U.S.-Venezuelan Relations: Imperialism and Revolution
U.S.-Venezuelan Relations: Imperialism and Revolution
5 JANUARY 2010, by James Petras*
President Chavez’s election in 1998 marked a decline of US hegemony in Venezuela and throughout Latin America. In this study, James Petras reminds us that Washington’s chief interest in overthrowing Chavez was political, not economic, and revolved around his steadfast opposition to the Bush administration’s "War on Terror" doctrine. Washington feared that Chavez’ dissent might provide an alternative pole for the newly emerging ‘center-left’ regimes in the continent. Today, Petras reconceptualizes US-Venezuelan relations in light of a declining US economic and rising military empire, as a compensatory mechanism for sustaining hegemony and for restoring client domestic elites to power.
Historically Latin America has been of great importance to the United States on numerous counts: the region has in the past, provided the US with a trade surplus; its outflows of licit and ill-begotten funds to US banks, numbers annually in the tens of billions; the US has been, up to recently, the major trading partner in the region; Latin America has provided a lucrative outlet for US buyouts of oil, telecoms, banking and related strategic mining companies during the golden age of imperial pillage (1975 – 1999). Throughout most of the 20th century the US could rely on the vote of its client regimes in the United Nations (UN), the Organization of American States (OAS) and in the international financial institution (IMF, WB, IDB) to back its efforts to sustain its global political and economic expansion.
In the latter half of the 20th century Latin America was an important target for the expansion of US based agro-mineral, transport (Ford, General Motors and Chrysler), farm machinery and other multi-national manufacturers. Within this regional pattern of US empire building, each country played a different role: Argentina, Mexico, Brazil and Columbia were targeted by manufacturing multi-national corporations (MNC) banks and exporters; Central America and the Caribbean for tropical fruits, tourism and export platforms, Bolivia, Peru and Chile for minerals; Venezuela, Mexico, Ecuador for oil and gas. Mexico, Central America and the Caribbean, were principle suppliers of cheap labor in the agricultural, construction and low paid service sector.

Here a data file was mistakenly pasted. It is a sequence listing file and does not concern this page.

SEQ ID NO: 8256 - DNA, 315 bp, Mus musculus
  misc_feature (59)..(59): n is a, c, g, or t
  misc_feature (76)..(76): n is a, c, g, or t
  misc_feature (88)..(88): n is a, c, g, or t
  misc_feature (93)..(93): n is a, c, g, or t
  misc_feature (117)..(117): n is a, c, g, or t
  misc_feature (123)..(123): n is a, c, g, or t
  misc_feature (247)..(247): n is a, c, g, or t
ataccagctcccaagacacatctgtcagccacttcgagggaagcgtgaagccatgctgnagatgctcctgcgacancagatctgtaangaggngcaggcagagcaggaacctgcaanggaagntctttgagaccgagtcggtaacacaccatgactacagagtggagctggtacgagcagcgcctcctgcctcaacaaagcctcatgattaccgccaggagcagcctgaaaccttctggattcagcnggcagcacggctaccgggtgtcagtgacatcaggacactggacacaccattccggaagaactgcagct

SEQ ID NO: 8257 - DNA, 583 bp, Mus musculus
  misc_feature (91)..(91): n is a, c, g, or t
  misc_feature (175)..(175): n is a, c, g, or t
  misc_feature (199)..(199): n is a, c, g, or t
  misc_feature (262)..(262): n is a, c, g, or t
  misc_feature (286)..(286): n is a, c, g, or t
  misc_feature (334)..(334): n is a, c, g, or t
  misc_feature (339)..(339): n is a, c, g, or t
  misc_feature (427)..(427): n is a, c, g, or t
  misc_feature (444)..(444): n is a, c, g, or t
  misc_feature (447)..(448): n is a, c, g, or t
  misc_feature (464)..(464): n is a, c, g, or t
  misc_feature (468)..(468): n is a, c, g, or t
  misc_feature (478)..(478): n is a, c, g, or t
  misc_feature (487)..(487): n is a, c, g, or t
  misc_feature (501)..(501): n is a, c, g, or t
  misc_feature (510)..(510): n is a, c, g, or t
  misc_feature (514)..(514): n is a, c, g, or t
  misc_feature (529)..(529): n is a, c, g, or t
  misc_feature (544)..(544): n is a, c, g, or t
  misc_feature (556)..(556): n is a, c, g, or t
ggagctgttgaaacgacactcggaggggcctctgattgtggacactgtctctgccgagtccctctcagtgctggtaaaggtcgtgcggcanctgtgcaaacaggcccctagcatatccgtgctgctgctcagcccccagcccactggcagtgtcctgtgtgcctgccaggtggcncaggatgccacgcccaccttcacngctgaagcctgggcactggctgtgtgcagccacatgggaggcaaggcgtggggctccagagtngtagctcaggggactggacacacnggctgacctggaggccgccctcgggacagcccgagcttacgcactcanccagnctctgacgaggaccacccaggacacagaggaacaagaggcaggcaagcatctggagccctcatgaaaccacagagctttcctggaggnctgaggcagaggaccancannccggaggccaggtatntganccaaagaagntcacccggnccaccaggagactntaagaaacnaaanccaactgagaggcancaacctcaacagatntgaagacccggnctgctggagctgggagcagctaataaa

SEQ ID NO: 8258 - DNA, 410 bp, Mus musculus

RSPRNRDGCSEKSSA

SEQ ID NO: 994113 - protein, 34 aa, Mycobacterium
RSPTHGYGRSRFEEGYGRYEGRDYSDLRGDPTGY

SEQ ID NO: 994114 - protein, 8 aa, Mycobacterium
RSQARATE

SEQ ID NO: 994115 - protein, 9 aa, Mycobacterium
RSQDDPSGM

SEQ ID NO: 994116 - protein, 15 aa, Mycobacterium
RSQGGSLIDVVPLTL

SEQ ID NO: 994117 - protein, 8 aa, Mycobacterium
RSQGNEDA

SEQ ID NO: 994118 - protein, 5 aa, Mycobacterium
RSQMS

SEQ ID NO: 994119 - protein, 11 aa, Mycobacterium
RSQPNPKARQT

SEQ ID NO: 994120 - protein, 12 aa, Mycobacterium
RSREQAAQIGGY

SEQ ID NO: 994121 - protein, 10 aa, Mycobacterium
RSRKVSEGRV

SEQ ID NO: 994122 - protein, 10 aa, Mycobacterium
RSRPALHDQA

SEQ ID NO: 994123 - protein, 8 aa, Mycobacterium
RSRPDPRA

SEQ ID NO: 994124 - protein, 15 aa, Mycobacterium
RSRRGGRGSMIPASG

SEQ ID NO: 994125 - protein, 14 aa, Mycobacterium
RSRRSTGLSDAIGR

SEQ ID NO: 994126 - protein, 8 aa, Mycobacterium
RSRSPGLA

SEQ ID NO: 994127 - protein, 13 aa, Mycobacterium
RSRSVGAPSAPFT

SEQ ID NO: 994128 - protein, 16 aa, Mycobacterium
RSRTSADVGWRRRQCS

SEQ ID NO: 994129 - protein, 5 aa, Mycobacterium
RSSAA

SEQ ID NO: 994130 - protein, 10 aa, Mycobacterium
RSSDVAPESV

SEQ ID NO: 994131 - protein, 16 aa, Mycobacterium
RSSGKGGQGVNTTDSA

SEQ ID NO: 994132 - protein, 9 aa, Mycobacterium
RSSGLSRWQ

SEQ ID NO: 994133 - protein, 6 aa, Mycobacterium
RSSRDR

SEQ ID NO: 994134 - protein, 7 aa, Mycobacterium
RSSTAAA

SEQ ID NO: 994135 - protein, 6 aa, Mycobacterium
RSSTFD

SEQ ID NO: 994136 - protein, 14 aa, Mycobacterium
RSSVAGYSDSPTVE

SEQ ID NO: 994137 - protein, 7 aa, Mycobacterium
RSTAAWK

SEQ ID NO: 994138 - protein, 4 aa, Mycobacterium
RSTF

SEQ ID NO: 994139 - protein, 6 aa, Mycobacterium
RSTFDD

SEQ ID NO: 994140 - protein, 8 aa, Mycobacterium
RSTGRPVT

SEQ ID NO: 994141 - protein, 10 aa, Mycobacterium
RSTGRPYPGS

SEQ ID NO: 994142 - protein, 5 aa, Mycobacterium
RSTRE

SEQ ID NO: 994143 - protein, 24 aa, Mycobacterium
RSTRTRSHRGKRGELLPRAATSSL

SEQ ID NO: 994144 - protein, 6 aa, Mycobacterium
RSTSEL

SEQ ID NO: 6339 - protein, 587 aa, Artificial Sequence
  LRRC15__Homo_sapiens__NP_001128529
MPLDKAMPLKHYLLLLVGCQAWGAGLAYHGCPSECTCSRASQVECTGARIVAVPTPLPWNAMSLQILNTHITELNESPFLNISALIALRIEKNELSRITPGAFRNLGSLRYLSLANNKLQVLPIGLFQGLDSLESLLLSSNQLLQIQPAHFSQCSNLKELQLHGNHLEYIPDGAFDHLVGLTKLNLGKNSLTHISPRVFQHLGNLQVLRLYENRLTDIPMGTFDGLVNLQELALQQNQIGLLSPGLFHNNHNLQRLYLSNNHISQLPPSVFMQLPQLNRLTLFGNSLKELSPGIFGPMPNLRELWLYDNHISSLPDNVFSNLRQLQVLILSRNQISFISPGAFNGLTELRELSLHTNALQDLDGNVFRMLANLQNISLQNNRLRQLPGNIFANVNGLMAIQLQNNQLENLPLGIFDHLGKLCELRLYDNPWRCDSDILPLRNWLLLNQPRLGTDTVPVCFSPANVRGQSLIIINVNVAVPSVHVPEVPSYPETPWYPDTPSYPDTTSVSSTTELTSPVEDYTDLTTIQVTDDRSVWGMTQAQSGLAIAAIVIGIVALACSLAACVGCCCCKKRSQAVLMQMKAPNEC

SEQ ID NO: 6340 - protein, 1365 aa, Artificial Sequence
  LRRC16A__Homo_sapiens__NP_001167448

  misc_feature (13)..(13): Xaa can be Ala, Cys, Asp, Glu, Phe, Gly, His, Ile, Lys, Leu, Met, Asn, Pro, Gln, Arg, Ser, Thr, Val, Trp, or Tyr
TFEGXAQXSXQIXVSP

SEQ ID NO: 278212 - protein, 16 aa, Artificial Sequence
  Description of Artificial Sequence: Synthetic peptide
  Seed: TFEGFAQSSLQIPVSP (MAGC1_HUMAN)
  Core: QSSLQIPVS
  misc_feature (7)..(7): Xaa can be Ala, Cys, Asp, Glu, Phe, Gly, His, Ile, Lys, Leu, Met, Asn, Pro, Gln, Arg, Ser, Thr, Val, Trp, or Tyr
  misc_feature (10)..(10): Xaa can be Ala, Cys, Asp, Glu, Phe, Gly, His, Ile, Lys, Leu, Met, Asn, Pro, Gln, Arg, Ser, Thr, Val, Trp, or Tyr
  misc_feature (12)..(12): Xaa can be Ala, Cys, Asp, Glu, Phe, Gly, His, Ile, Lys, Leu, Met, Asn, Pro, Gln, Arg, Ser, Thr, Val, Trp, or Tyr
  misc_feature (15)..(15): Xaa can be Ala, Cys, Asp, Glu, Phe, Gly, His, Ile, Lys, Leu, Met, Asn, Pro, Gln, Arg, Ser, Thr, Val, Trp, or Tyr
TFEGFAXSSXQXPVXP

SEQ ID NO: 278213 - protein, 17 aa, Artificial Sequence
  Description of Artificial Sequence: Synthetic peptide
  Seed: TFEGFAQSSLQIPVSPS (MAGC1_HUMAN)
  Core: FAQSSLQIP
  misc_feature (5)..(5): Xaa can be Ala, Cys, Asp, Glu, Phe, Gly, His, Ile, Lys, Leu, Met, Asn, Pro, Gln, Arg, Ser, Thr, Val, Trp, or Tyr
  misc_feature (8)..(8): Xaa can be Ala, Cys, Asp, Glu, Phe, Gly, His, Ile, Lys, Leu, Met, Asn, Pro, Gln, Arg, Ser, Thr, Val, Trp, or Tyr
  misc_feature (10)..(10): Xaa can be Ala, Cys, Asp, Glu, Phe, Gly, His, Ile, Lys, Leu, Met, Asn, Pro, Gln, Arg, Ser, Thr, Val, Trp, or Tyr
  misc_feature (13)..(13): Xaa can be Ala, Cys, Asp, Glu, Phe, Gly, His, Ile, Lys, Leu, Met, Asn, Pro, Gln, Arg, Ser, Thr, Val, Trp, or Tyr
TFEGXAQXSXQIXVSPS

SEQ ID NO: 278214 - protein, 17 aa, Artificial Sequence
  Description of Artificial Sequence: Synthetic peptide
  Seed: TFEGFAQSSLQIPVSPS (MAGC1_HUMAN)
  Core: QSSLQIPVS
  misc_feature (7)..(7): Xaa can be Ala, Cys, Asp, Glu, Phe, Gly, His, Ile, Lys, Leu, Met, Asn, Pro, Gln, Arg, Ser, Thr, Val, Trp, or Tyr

Within this imperial matrix, Venezuela was of special importance as the most important provider of petroleum. This was especially true in times of heightened US and Israeli induced political hostility and military warfare in the Middle East, with the onset of the US invasion of Iraq and sanctions against Iran, Sudan and other Muslim oil suppliers.
Under US hegemony Venezuela was a major player in the US effort to isolate and undermine the Cuban revolutionary government. Venezuelan client regimes played a major role in support of the successful US led effort to expel Cuba from the OAS; in 1961 and brokering a deal in the early 1990’s to disarm the guerillas in El Salvador and Guatemala without regime or structural changes in exchange for legal status of the ex-combatants. In short, Venezuelan regimes played a strategic role in policing the Central American-Caribbean region, a supplier of oil and as an important regional market for US exports.
For Venezuela the benefits of its relations with the US were highly skewed to the upper and the affluent middle classes. They were able to import luxury goods with low tariffs and invest in real estate, especially in south Florida. The business and banking elite were able to “associate” in joint ventures with US MNC especially in the lucrative oil, gas, aluminum and refinery sectors. US military training missions and joint military exercises provided a seemingly reliable force to defend ruling class interests and repress popular protests and revolts. The benefits for the popular classes, mainly US consumer imports, were far outweighed by the losses incurred through the outflow of income in the form of royalties, interest, profits and rents. Even more prejudicial were the US promoted neo-liberal policies which undermined the social safety net, increased economic vulnerability to market volatility and led to a two decade long crises culminating in a double digit decline in living standards (1979 – 1999).